Although saying you’re sorry is technically negative, it shows your understanding of other people’s situations, which is very important in Japan. If you’re speaking in a polite form of Japanese, you could say “zannen-desu,” and if you’re speaking in a casual form, you could say “zannen-dayo.”

 Atama-ni-kuru  – 頭にくる

“It gets on my nerves”

 So far, you’ve learned to be very polite in Japanese, but at some point you may need to express your anger.

 If you feel mistreated or annoyed, you can simple say “atama-ni-kuru” (I’m angry) (頭にくる)It means literally, “it gets to my head.”

 This is a safe phrase to use because it’s a direct way to express your anger.

Kanashii-desu – 悲しいです

“I’m feeling sad”

You can say “kanashii-desu” when you’re really sad or want to express sympathy.
For example, if someone loses a loved one, you can say: “totemo-kanashii-desu” (I’m very sad) とても悲しいです.

 Kuyashii-desu – 悔しいです

“I’m disappointed/it’s regrettable”

Use this phrase to express your frustration. For example, if your soccer team loses a match, you can say: “kuyashii-desu” (悔しいです)or “totemo-kuyashii-desu”とても悔しいです) for I’m very disappointed.

Although this is an expression of a negative emotion, there is still a positive connotation, as saying “kuyashii-desu” implies you’ve tried your best, and you may try again.

Mou-korigori-da!/kori-gori-da!  – もう懲り懲りだ

“I’m tired of this!/I’m fed up!”

Unlike saying “kuyashii-desu”, which implies you haven’t given up, saying “mou-korigori-da!” or “kori-gori-da!” means that you’re done with a situation or circumstance.

This is a strong expression and you should only say this if you’re really tired of something. If you want to say this without being too aggressive, you can say, “mou-kori-gori-desu”(もう懲り懲りです).

Express Yourself

With these words and phrases, you can express your full range of emotions, from happy to angry. Learn these words, and you’ll be able to communicate more effectively in Japanese.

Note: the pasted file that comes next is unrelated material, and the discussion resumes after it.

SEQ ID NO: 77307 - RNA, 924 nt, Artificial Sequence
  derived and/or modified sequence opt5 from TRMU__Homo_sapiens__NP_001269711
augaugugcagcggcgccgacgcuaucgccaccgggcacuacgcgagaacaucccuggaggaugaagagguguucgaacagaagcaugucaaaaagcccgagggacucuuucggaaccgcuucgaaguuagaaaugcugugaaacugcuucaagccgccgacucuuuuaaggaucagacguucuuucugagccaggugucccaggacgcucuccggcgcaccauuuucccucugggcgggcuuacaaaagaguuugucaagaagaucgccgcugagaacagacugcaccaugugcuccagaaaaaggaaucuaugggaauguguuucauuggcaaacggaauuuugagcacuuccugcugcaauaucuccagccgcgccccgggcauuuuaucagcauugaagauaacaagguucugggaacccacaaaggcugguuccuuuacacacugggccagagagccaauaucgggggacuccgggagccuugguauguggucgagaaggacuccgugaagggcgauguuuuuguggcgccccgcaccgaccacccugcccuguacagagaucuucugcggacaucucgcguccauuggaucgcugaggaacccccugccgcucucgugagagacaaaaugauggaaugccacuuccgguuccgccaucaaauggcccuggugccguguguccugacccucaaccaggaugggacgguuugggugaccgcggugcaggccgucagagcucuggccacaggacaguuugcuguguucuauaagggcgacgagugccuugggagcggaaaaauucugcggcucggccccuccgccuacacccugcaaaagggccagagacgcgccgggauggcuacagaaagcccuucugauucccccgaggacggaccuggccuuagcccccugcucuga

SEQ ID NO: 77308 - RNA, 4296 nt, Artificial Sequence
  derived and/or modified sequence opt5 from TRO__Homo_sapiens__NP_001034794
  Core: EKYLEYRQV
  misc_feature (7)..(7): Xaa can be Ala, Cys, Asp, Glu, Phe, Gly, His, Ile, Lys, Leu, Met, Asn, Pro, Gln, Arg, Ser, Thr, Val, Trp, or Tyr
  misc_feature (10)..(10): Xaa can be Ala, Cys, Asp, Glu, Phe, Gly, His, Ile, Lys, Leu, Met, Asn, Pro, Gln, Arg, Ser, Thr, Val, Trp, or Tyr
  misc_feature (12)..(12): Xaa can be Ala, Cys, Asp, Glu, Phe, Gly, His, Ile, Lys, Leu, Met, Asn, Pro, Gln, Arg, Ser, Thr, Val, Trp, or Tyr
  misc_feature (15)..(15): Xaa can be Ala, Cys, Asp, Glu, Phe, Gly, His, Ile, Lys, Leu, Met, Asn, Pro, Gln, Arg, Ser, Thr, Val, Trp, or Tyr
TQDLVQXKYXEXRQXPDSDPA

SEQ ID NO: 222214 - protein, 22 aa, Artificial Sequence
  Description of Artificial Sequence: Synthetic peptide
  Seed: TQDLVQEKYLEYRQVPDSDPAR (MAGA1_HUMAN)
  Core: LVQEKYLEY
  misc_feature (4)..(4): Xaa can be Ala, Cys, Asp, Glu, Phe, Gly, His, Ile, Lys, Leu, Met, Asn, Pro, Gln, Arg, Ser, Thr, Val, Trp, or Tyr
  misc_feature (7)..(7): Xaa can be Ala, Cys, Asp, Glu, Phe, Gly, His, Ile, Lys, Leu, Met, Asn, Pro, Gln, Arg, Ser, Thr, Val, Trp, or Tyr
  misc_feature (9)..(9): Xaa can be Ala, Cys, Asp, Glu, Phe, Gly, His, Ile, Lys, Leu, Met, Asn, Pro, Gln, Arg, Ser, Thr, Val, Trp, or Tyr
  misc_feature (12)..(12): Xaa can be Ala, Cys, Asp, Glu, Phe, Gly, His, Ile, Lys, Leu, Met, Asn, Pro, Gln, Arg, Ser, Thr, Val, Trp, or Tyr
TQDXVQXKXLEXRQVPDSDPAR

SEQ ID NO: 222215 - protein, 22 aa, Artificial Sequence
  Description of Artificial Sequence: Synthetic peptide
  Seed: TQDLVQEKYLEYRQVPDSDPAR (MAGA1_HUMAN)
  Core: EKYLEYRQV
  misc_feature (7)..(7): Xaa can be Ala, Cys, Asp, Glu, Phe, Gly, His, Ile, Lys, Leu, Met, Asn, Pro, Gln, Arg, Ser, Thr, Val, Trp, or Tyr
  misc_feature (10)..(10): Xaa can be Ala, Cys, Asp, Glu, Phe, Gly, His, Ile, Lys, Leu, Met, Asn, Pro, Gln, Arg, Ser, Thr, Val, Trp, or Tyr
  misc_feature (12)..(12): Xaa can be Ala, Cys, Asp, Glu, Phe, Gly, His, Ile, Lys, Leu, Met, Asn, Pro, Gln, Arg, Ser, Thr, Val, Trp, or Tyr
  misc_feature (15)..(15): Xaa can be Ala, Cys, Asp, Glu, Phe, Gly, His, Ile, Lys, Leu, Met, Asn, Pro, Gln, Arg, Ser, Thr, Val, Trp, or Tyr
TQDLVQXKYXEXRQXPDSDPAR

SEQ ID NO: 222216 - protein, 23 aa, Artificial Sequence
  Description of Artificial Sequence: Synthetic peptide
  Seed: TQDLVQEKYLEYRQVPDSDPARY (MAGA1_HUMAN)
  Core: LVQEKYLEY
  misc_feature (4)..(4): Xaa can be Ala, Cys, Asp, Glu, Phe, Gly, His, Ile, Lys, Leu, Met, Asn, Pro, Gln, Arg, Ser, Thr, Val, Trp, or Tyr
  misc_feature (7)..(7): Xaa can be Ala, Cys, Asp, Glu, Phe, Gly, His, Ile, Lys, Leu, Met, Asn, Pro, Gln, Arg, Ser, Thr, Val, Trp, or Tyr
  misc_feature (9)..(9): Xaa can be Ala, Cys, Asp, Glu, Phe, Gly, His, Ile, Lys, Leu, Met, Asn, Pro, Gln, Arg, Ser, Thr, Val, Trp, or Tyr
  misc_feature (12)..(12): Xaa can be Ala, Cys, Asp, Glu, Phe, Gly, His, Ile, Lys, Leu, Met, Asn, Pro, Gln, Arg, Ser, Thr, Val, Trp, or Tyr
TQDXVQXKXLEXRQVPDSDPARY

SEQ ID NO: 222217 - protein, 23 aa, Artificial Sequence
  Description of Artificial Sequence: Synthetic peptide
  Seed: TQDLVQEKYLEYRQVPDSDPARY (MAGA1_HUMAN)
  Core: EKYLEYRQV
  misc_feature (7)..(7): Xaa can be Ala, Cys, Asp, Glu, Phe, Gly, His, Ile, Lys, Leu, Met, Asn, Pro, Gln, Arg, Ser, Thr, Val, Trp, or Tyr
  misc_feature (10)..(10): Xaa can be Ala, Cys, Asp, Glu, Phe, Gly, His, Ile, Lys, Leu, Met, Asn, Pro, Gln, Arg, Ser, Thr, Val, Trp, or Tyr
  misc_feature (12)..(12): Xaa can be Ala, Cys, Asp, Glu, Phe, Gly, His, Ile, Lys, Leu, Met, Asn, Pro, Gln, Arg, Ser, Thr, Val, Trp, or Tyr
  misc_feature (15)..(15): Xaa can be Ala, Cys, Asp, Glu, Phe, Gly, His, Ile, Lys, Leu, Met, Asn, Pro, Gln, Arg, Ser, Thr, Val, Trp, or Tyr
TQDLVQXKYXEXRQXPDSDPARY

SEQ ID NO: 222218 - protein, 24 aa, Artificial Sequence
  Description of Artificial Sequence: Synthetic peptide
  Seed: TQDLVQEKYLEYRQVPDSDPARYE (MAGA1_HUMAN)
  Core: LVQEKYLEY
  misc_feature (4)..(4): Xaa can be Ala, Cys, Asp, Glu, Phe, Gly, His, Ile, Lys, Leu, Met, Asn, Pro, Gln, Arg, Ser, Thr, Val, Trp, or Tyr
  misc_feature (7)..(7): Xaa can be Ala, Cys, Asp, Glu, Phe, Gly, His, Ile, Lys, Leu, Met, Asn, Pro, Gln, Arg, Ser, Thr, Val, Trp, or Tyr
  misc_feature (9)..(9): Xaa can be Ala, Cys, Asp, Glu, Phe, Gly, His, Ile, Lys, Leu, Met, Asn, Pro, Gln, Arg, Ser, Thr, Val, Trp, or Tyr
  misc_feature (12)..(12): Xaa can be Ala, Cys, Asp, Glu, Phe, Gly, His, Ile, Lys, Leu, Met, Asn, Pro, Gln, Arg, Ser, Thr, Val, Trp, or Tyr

Need help learning Japanese vocabulary? Sign up for lessons with a private Japanese teacher! 

Japanese vocabulary

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Taro TPost Author: Taro T.
Taro T. teaches Japanese and ESL in Washington, D.C. He is a language acquisition specialist and mentors students from the United States, Thailand, Italy, Korea, Turkey, and El Salvador. Born and raised in Japan, Taro came to the United States when he was 16 to learn English and American culture. He gained fluency in both English and Spanish. Learn more about Taro here!

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Jam Along to JPop- 6 Fun Songs to Help You Learn Japanese

Jam Along to JPop: 6 Fun Songs to Help You Learn Japanese

Jam Along to JPop- 6 Fun Songs to Help You Learn Japanese

While language lessons are the best, most effective way to learn Japanese, you can learn faster and have more fun when you listen to popular Japanese music.

J-Pop (Japanese pop) is great for beginning Japanese students because the songs have simple lyrics and catchy rhythms. Plus, Jpop has taken Japan, and the rest of the world by storm, so you may already be familiar with some of the most popular songs and Jpop artists.

Get ready to learn Japanese vocabulary and impress your friends at your next karaoke night with these fun J-pop songs!

The Jpop hit has basic, elementary-level vocabulary and a catchy beat.

“Automatic” – Hikaru Utada

Hikaru is an international vocalist and Jpop sensation. As a child, Hikaru split her time between Tokyo and New York. As a result, she learned to speak both English and Japanese.

Because of her knowledge of both languages, her music appeals to her English and Japanese-speaking fans. Hikaru’s beginner-friendly songs are great for Japanese-language students.

“Sekai ni Hitotsu Dake no Hana” – SMAP

SMAP is Japan’s version of the boy band.

SMAP released “Sekai Ni Hitotsu Dake no Hana” in 2004, and  the song became an instant hit.

Still a popular karaoke selection, the song is also taught to kindergarten students in many public schools in Japan.

The Jpop hit has simple grammar and a snappy beat, which makes it ideal for anyone who is new to the Japanese language.

“Koi Suru Foochuun Kukkie” AKB48

With its decidedly western sounds and girl band persona, AKB48 became an instant favorite across all of Japan and most of the Asian continent.